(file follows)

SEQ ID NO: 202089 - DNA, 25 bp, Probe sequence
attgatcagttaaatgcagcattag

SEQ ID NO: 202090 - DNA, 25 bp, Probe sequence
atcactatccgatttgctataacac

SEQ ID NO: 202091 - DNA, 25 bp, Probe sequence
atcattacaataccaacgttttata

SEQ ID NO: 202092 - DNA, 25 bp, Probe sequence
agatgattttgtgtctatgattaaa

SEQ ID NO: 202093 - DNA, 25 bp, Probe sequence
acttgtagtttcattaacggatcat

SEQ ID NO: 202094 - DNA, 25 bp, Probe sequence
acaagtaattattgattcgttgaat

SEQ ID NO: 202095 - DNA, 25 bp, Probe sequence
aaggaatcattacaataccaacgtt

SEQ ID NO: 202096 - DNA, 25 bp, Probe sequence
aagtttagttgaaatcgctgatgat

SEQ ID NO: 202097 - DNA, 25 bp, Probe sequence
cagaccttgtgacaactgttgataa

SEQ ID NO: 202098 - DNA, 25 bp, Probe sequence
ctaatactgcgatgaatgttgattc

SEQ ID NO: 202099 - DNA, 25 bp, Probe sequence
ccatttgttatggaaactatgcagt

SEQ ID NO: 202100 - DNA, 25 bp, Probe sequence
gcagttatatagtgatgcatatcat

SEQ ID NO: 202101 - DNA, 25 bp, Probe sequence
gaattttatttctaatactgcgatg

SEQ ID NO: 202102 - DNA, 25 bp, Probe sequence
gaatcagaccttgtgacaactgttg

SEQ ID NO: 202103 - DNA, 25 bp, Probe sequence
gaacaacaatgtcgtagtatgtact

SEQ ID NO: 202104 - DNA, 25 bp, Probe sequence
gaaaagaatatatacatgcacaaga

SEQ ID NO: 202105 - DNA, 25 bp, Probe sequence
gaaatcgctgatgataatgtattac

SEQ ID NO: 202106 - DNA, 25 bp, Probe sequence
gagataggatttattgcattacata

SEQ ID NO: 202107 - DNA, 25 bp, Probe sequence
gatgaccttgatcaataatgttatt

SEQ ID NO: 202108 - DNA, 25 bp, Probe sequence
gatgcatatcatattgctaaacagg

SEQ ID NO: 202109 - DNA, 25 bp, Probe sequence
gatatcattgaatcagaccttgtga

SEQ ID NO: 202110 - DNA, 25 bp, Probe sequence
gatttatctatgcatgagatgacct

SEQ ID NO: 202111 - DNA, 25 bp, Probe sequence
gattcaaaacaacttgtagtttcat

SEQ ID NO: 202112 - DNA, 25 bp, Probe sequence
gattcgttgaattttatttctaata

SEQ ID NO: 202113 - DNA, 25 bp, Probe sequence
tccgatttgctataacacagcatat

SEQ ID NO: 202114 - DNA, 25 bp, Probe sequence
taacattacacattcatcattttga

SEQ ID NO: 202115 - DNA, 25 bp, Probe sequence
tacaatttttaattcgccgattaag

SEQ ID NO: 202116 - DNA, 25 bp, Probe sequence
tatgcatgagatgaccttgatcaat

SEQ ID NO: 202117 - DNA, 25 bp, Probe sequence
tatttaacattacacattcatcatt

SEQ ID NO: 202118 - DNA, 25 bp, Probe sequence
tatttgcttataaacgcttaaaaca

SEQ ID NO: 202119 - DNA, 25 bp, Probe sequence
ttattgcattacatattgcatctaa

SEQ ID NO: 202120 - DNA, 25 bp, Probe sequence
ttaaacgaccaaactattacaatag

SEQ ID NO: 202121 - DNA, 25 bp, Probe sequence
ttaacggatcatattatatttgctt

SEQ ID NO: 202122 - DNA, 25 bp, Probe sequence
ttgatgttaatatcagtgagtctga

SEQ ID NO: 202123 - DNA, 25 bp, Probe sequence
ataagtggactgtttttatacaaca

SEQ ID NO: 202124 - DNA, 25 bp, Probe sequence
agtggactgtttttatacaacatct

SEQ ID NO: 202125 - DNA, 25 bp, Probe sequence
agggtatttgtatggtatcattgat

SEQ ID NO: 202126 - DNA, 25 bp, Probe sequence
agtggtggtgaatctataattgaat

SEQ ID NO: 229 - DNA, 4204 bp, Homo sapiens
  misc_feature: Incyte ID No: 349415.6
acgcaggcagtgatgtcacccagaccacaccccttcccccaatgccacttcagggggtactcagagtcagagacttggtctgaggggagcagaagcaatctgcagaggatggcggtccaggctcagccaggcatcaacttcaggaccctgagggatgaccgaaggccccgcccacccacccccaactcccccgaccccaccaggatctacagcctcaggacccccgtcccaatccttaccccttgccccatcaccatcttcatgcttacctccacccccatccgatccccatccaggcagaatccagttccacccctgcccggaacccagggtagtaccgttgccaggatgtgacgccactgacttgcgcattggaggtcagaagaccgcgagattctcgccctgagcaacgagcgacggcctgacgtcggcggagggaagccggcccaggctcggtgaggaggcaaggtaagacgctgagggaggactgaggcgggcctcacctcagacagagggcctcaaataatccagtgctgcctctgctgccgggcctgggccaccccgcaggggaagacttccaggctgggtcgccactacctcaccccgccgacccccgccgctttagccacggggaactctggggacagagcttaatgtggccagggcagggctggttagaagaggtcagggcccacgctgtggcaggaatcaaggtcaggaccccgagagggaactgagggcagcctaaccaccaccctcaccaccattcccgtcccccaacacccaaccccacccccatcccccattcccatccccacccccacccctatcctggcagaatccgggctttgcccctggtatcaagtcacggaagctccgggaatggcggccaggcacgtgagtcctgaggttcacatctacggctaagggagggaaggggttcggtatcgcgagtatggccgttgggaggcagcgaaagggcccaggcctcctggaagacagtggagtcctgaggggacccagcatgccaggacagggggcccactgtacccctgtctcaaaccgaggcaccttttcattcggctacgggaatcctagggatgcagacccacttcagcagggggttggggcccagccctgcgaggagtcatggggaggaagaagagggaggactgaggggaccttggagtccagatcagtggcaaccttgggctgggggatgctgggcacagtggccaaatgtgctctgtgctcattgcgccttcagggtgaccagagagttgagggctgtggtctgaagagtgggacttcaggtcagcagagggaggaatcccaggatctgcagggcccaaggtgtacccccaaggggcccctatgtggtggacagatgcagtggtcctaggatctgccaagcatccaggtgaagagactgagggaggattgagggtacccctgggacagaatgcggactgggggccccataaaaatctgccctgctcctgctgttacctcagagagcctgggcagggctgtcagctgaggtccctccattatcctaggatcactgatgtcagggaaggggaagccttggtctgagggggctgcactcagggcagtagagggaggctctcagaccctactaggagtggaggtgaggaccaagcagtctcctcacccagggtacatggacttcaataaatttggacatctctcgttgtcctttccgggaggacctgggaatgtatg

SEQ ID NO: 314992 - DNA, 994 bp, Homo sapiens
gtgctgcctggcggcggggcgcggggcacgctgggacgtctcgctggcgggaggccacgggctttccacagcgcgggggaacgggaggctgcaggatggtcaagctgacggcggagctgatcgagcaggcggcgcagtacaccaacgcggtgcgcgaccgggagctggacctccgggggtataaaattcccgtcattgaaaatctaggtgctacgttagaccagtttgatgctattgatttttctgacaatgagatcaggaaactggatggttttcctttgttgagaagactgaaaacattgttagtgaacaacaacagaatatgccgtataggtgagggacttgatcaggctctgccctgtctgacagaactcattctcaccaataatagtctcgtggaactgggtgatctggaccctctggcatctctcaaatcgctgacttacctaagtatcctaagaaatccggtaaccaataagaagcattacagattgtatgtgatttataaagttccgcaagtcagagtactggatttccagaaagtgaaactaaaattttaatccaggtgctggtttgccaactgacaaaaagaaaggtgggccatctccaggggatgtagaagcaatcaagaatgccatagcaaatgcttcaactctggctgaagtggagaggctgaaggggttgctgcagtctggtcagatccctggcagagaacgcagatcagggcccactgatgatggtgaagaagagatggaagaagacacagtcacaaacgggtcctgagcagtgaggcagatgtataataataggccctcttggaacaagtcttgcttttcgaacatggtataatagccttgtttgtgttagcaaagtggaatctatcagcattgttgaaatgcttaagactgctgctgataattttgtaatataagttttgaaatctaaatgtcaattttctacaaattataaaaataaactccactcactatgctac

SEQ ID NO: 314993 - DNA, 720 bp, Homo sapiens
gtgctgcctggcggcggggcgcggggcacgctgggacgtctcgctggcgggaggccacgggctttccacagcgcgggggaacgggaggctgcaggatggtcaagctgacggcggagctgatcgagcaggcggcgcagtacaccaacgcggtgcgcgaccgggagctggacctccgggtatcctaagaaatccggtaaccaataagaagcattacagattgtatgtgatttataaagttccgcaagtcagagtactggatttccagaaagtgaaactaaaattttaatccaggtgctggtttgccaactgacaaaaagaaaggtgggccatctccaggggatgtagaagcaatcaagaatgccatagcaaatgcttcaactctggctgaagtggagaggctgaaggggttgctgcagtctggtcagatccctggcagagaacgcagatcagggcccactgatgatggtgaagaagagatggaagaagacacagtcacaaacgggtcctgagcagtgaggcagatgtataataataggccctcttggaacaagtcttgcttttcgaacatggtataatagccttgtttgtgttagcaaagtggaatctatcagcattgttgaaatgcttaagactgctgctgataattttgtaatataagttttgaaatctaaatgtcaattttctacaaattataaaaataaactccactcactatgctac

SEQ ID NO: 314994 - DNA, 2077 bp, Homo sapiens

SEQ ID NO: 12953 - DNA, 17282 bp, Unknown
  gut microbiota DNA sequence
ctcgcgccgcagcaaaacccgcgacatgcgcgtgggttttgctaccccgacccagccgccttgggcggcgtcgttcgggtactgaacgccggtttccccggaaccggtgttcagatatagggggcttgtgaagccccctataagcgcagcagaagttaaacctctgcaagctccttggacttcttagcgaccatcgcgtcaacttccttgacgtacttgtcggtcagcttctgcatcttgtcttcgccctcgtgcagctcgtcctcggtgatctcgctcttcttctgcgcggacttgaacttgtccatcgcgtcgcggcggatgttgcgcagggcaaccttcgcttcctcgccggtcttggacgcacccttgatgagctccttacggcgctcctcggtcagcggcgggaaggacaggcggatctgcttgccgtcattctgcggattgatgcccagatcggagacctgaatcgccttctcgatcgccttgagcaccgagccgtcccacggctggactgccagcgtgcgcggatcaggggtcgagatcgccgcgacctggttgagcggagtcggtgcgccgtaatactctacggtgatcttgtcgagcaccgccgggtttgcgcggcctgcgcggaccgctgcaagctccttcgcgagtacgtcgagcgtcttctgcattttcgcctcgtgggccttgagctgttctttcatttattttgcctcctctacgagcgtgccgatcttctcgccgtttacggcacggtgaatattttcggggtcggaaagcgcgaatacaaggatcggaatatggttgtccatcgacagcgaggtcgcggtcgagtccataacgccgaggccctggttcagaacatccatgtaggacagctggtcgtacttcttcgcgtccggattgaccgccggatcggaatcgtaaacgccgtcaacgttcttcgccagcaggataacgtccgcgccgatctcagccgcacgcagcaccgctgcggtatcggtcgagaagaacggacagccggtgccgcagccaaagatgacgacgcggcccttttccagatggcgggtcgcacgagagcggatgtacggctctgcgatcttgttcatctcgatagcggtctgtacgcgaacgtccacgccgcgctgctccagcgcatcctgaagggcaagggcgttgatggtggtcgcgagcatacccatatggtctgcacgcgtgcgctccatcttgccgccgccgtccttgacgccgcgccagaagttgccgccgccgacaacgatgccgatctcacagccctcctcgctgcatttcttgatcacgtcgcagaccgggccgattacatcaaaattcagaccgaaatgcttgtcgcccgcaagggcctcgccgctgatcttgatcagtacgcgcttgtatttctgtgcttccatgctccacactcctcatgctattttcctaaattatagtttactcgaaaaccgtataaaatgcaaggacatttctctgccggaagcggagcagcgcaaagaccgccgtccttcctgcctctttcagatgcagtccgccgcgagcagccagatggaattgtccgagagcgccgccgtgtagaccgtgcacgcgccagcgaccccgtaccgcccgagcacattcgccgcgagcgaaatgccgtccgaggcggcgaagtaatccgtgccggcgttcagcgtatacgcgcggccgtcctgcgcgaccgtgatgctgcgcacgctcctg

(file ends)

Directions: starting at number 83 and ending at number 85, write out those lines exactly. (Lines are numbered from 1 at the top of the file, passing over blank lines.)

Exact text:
gtgctgcctggcggcggggcgcggggcacgctgggacgtctcgctggcgggaggccacgggctttccacagcgcgggggaacgggaggctgcaggatggtcaagctgacggcggagctgatcgagcaggcggcgcagtacaccaacgcggtgcgcgaccgggagctggacctccgggtatcctaagaaatccggtaaccaataagaagcattacagattgtatgtgatttataaagttccgcaagtcagagtactggatttccagaaagtgaaactaaaattttaatccaggtgctggtttgccaactgacaaaaagaaaggtgggccatctccaggggatgtagaagcaatcaagaatgccatagcaaatgcttcaactctggctgaagtggagaggctgaaggggttgctgcagtctggtcagatccctggcagagaacgcagatcagggcccactgatgatggtgaagaagagatggaagaagacacagtcacaaacgggtcctgagcagtgaggcagatgtataataataggccctcttggaacaagtcttgcttttcgaacatggtataatagccttgtttgtgttagcaaagtggaatctatcagcattgttgaaatgcttaagactgctgctgataattttgtaatataagttttgaaatctaaatgtcaattttctacaaattataaaaataaactccactcactatgctac

SEQ ID NO: 314994 - DNA, 2077 bp, Homo sapiens

SEQ ID NO: 12953 - DNA, 17282 bp, Unknown